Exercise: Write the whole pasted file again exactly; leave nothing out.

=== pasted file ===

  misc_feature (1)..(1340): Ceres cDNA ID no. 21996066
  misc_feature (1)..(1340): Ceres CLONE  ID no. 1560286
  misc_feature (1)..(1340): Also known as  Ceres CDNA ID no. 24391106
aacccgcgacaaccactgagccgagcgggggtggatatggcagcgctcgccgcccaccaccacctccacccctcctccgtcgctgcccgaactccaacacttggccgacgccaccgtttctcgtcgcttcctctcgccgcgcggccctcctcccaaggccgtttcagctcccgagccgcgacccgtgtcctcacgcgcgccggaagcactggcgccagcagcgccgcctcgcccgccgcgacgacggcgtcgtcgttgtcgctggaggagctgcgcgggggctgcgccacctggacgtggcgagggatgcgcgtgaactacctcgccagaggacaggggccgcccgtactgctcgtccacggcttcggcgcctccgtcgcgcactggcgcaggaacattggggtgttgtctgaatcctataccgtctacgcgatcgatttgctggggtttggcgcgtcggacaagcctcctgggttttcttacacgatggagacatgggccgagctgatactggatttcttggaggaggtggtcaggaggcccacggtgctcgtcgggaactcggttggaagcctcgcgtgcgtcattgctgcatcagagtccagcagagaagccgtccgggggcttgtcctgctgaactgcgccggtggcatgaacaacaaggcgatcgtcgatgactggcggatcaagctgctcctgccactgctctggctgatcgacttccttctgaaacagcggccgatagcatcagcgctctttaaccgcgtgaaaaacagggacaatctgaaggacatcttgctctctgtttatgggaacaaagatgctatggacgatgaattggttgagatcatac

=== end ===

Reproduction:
  misc_feature (1)..(1340): Ceres cDNA ID no. 21996066
  misc_feature (1)..(1340): Ceres CLONE  ID no. 1560286
  misc_feature (1)..(1340): Also known as  Ceres CDNA ID no. 24391106
aacccgcgacaaccactgagccgagcgggggtggatatggcagcgctcgccgcccaccaccacctccacccctcctccgtcgctgcccgaactccaacacttggccgacgccaccgtttctcgtcgcttcctctcgccgcgcggccctcctcccaaggccgtttcagctcccgagccgcgacccgtgtcctcacgcgcgccggaagcactggcgccagcagcgccgcctcgcccgccgcgacgacggcgtcgtcgttgtcgctggaggagctgcgcgggggctgcgccacctggacgtggcgagggatgcgcgtgaactacctcgccagaggacaggggccgcccgtactgctcgtccacggcttcggcgcctccgtcgcgcactggcgcaggaacattggggtgttgtctgaatcctataccgtctacgcgatcgatttgctggggtttggcgcgtcggacaagcctcctgggttttcttacacgatggagacatgggccgagctgatactggatttcttggaggaggtggtcaggaggcccacggtgctcgtcgggaactcggttggaagcctcgcgtgcgtcattgctgcatcagagtccagcagagaagccgtccgggggcttgtcctgctgaactgcgccggtggcatgaacaacaaggcgatcgtcgatgactggcggatcaagctgctcctgccactgctctggctgatcgacttccttctgaaacagcggccgatagcatcagcgctctttaaccgcgtgaaaaacagggacaatctgaaggacatcttgctctctgtttatgggaacaaagatgctatggacgatgaattggttgagatcatac